We’re all limited on time these days, and with pinched business resources, how do you allocate attention to the tasks that matter most? When it comes to generating sales versus giving exceptional customer service, in an ideal world you would hope that neither would suffer at the hands of another. However, often companies struggle to find a balance between investing in marketing and sales and paying due attention to customer service needs. When the battle between customer service and sales comes to a head, which one wins? I’m here to break it down for you.

Your business relies on sales…

Let’s be real: your business would be nothing without sales. Sales are the profit that drive your business and allow you to succeed. However, what helps you gain sales?

Marketing and advertising are the basis to getting your product attention and bringing customers to you. Even with excellent customer service, a lack of strong marketing and sales tactics will lead to few customers and diminish your ability to survive. Apps and programs like the Raanana-based Pepperi can increase and open conversations between sales and marketing teams. So, marketing that leads to sales are of course the most necessary tenet of keeping your business alive, but sales also rely on your established brand image, which is inextricably tied to customer service.

In this way, customer service drives sales…

Bad customer service can cause you to lose valuable clients, while creating a company priority to deliver reliable, attentive, and quick customer service can significantly improve the public’s image of your brand and cause you to both keep current customers and gain the attention of prospective clients. That’s when startups like the Herzilya-based nanoRep kicks in and help high volumed traffic companies to personalize, automate and optimize their online customer service.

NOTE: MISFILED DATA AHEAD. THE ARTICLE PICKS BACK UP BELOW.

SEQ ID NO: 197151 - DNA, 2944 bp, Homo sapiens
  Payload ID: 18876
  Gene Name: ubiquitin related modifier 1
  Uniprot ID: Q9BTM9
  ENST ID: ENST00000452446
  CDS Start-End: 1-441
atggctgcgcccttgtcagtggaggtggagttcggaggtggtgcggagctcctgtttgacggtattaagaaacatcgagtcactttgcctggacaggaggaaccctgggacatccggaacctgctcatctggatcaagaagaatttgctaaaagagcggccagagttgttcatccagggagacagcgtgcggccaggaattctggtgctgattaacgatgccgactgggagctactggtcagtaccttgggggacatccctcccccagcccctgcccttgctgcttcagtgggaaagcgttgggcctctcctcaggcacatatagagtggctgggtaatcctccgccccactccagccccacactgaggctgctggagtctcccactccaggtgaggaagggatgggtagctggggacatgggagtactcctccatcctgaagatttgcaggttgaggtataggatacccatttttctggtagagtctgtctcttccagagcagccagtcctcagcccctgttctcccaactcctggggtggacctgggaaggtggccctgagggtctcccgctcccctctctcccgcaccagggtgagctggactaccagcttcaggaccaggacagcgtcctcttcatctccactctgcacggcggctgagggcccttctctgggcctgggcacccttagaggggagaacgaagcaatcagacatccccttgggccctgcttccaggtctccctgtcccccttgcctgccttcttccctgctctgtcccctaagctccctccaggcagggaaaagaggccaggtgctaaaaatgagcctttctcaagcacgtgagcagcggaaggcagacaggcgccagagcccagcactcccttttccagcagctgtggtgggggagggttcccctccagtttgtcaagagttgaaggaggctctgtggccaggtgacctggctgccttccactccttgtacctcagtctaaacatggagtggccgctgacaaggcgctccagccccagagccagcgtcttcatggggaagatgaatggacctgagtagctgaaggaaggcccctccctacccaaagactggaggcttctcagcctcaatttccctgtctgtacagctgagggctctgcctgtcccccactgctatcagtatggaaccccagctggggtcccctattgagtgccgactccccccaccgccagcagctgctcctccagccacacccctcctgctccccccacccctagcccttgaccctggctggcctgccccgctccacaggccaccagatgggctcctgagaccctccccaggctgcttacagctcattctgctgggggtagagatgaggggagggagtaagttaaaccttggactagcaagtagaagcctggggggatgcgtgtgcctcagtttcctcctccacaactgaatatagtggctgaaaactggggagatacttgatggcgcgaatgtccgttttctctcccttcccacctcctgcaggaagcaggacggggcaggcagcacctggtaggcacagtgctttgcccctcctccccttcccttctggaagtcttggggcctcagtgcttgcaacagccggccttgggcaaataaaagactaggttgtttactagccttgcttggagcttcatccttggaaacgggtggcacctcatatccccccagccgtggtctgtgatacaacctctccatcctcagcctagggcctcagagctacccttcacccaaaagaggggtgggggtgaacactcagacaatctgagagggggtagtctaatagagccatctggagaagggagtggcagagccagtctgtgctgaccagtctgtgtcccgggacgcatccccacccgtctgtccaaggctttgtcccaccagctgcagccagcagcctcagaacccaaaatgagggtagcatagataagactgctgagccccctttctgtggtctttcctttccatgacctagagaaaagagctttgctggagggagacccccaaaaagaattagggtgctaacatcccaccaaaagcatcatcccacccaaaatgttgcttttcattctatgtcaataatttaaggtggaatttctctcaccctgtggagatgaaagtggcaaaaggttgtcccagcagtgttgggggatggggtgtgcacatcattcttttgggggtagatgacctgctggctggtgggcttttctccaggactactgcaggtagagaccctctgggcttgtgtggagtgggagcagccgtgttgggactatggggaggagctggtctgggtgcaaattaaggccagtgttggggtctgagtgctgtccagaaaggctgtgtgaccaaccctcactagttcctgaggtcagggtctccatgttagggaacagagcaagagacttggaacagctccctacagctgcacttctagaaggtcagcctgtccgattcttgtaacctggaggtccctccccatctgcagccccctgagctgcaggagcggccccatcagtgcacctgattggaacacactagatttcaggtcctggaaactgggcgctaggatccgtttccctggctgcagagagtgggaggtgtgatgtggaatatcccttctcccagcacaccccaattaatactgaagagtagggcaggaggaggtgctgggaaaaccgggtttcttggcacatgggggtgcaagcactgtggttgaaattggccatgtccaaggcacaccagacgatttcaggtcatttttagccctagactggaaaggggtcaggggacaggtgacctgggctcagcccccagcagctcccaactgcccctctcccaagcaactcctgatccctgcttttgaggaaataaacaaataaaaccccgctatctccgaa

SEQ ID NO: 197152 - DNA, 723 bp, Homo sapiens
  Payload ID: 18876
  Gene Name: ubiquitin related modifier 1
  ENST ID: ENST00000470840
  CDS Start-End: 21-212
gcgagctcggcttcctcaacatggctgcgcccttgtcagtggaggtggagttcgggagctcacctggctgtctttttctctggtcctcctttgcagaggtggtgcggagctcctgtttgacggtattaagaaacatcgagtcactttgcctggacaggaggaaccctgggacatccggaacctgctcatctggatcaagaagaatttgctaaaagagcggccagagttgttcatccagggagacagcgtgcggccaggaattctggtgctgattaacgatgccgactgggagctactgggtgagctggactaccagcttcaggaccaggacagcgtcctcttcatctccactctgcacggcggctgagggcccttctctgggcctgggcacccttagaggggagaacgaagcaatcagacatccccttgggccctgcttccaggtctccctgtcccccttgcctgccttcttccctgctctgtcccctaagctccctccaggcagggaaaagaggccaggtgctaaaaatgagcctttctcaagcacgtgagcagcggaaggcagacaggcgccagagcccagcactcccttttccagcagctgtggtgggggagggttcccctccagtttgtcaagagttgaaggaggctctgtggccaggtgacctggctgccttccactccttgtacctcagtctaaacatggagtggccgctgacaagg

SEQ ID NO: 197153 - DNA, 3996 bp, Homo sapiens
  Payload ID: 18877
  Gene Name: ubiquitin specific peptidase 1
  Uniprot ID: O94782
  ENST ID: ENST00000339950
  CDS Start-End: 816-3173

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As the Death of a Salesmen article in Agency Post pointed out, the sales of tomorrow will rely much less on traditional selling methods as customers begin to identify their own needs and seek out products that fit them rather than reps bringing the products to customers. However, the biggest impact of this is that brand transparency will be of greater importance than ever, as the ease of leaving online reviews and comments can seriously impact the likelihood that possible clients searching your company or product online will want to purchase your product or service. Customer service, in effect, is already as major of a force as marketing in generating and sustaining sales.

So how do you choose?

The good news is, you don’t have to. Customer service and sales are not mutually exclusive; in fact, they function best when integrated together. Apps and programs that increase open conversations between sales and marketing teams and customer service reps can help identify customer needs quicker, leading to better marketing tactics that answer real customer complaints. Even the best marketing strategy is useless if it doesn’t address the needs of customers, and customer service reps are the liaison that can give the most valuable input because they see the trends in customer complaints and needs day in and day out.

To facilitate the teamwork between teams, look for ways to make sure everyone is on the same page. Sales and marketing teams should understand the impact of customer service on long-term sales and growth, and customer service reps should be able to communicate the pertinent needs so that marketing teams can respond through viable campaigns.

Don’t just take our word for it – what’s your opinion? Is one more important than the other? How do you balance customer service and sales in your business?